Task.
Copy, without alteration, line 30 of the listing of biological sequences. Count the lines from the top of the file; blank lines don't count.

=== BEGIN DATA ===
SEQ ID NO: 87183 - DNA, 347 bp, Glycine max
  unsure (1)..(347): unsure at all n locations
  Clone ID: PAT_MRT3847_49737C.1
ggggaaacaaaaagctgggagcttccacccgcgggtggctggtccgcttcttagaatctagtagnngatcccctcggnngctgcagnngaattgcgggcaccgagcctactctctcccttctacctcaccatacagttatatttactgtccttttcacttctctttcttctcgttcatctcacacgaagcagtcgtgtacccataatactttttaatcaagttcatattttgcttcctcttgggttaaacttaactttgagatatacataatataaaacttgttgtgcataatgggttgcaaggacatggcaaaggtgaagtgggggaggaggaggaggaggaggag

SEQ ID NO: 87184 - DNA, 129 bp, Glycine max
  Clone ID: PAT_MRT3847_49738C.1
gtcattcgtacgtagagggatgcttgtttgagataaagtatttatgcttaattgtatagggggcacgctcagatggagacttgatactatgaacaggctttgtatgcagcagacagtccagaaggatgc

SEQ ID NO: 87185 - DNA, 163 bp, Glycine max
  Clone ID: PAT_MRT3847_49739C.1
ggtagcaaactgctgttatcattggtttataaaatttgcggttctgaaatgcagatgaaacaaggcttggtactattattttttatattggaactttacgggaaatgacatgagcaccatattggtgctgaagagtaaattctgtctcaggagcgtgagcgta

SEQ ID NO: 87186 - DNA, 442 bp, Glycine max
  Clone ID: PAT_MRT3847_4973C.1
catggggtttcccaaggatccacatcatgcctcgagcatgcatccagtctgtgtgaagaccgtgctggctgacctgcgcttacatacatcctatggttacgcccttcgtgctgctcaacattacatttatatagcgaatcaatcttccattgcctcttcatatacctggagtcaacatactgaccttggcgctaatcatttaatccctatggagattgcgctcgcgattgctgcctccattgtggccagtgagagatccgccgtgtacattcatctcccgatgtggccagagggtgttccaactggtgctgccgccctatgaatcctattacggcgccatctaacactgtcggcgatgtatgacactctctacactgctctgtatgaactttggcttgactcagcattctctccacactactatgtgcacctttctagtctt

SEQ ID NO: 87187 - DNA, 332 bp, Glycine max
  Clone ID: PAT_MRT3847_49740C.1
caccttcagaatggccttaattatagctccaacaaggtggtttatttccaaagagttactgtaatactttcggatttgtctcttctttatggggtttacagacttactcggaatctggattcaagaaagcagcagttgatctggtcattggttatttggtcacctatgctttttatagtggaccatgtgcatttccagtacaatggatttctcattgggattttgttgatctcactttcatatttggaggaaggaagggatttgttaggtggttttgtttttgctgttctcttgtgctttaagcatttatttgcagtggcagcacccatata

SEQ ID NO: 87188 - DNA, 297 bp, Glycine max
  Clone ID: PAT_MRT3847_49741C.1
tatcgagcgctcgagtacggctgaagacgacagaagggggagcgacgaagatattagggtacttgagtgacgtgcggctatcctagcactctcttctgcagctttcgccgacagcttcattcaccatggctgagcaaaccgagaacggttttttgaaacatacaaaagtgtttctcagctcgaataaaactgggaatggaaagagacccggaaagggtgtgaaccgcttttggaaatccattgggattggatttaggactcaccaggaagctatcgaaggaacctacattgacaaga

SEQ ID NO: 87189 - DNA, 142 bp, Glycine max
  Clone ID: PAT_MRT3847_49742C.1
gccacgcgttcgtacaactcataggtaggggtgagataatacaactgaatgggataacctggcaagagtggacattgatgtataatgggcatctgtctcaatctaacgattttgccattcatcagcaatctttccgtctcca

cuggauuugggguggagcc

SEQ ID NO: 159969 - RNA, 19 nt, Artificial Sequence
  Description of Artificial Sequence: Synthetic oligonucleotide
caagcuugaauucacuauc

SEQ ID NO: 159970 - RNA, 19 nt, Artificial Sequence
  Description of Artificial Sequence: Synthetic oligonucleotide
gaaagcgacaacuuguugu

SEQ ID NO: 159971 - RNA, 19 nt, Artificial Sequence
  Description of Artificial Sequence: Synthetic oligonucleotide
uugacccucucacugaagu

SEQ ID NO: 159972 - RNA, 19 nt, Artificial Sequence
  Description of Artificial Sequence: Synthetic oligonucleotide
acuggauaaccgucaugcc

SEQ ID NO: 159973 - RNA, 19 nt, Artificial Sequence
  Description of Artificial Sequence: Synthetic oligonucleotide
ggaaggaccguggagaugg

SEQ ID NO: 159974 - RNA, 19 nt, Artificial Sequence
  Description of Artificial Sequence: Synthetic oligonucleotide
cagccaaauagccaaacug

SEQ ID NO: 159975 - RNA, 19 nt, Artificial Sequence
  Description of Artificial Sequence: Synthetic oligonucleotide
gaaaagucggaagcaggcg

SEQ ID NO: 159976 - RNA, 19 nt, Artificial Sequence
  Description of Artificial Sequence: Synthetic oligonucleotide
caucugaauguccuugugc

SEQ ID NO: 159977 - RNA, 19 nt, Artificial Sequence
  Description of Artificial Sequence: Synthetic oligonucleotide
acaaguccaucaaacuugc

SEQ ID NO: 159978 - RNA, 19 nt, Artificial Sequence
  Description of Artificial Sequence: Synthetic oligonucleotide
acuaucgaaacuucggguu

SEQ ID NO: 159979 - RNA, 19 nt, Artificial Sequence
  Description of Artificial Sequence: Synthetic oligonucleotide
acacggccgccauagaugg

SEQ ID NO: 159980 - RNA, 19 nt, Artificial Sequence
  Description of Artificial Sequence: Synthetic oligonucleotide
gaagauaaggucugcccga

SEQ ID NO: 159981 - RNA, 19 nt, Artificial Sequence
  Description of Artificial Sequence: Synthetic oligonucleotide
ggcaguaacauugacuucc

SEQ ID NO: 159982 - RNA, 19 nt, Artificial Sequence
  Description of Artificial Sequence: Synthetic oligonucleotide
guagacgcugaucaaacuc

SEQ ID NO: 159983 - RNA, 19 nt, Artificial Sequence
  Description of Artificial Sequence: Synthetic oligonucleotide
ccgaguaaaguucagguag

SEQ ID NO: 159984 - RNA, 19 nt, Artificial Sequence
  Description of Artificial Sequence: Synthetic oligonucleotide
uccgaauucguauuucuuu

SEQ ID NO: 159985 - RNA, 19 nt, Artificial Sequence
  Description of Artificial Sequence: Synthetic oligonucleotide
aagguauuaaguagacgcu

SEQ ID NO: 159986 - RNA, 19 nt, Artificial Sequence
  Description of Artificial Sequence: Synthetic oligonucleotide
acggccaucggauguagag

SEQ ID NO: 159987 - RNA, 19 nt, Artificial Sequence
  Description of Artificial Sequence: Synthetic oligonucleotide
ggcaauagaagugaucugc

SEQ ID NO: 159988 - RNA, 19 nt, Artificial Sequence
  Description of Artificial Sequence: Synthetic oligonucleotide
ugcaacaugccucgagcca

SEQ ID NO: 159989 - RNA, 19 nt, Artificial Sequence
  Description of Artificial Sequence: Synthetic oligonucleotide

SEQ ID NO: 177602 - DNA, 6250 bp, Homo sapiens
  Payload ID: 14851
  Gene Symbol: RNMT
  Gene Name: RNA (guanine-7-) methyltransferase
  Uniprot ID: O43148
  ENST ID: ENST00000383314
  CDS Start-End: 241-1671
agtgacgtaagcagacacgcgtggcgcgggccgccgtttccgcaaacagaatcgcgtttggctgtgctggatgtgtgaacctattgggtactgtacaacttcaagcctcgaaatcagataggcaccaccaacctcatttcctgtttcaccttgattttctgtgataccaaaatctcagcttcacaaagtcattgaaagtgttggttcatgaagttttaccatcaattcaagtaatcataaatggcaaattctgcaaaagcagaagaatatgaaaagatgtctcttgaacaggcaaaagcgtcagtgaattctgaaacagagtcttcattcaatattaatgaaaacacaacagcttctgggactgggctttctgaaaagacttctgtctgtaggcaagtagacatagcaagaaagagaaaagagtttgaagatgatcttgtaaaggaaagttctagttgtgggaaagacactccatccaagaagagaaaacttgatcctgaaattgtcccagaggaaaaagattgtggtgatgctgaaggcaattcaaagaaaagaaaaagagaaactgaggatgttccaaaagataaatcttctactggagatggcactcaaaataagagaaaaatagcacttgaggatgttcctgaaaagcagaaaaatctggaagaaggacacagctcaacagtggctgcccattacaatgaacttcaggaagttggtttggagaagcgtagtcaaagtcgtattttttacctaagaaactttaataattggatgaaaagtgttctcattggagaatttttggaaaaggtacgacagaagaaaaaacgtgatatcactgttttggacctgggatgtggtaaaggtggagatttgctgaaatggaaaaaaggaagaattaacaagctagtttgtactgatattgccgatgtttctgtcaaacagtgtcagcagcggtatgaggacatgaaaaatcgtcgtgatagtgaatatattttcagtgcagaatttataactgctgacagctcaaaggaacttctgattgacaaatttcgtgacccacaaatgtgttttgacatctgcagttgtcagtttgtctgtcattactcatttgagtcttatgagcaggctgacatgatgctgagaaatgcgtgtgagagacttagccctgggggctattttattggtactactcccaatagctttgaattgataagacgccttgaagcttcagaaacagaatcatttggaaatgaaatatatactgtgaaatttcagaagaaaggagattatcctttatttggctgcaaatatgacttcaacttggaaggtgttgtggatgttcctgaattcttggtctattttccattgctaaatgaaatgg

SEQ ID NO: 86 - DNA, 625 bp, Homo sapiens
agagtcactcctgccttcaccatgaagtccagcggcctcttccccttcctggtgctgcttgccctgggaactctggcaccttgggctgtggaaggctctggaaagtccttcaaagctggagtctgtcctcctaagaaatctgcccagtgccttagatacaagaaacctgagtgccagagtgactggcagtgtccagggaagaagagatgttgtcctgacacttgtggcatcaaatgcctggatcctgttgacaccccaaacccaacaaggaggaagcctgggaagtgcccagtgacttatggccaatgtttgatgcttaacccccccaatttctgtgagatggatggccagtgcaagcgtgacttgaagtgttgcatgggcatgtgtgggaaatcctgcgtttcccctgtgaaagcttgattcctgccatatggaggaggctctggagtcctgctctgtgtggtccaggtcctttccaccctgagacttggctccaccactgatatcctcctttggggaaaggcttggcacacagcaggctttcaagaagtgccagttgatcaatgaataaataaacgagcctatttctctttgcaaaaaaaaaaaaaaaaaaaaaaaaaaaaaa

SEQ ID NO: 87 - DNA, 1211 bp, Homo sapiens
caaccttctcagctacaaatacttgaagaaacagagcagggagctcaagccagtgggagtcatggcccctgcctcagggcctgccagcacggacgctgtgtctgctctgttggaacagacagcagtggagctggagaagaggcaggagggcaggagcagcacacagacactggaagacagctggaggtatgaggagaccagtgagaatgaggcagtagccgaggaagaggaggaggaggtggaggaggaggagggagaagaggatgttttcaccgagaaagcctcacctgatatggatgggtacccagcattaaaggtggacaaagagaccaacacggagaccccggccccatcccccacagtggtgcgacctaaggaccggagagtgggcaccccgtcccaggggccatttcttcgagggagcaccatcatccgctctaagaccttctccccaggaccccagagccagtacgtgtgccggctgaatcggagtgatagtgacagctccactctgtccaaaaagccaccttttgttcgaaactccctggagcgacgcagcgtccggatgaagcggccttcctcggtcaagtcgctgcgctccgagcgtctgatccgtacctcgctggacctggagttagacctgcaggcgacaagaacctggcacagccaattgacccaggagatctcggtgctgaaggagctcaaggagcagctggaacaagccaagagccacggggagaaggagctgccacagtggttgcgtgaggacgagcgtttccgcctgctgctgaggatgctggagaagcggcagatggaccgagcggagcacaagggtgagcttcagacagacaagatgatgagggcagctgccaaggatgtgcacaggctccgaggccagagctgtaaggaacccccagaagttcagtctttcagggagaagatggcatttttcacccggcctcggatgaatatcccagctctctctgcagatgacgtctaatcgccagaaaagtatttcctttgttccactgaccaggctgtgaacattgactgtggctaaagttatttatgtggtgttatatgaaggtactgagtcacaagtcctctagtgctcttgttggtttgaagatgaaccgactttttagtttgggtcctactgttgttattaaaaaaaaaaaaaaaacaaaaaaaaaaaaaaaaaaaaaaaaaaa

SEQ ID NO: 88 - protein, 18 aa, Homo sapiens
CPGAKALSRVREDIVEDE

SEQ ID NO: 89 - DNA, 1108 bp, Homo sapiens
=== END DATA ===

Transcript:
SEQ ID NO: 159971 - RNA, 19 nt, Artificial Sequence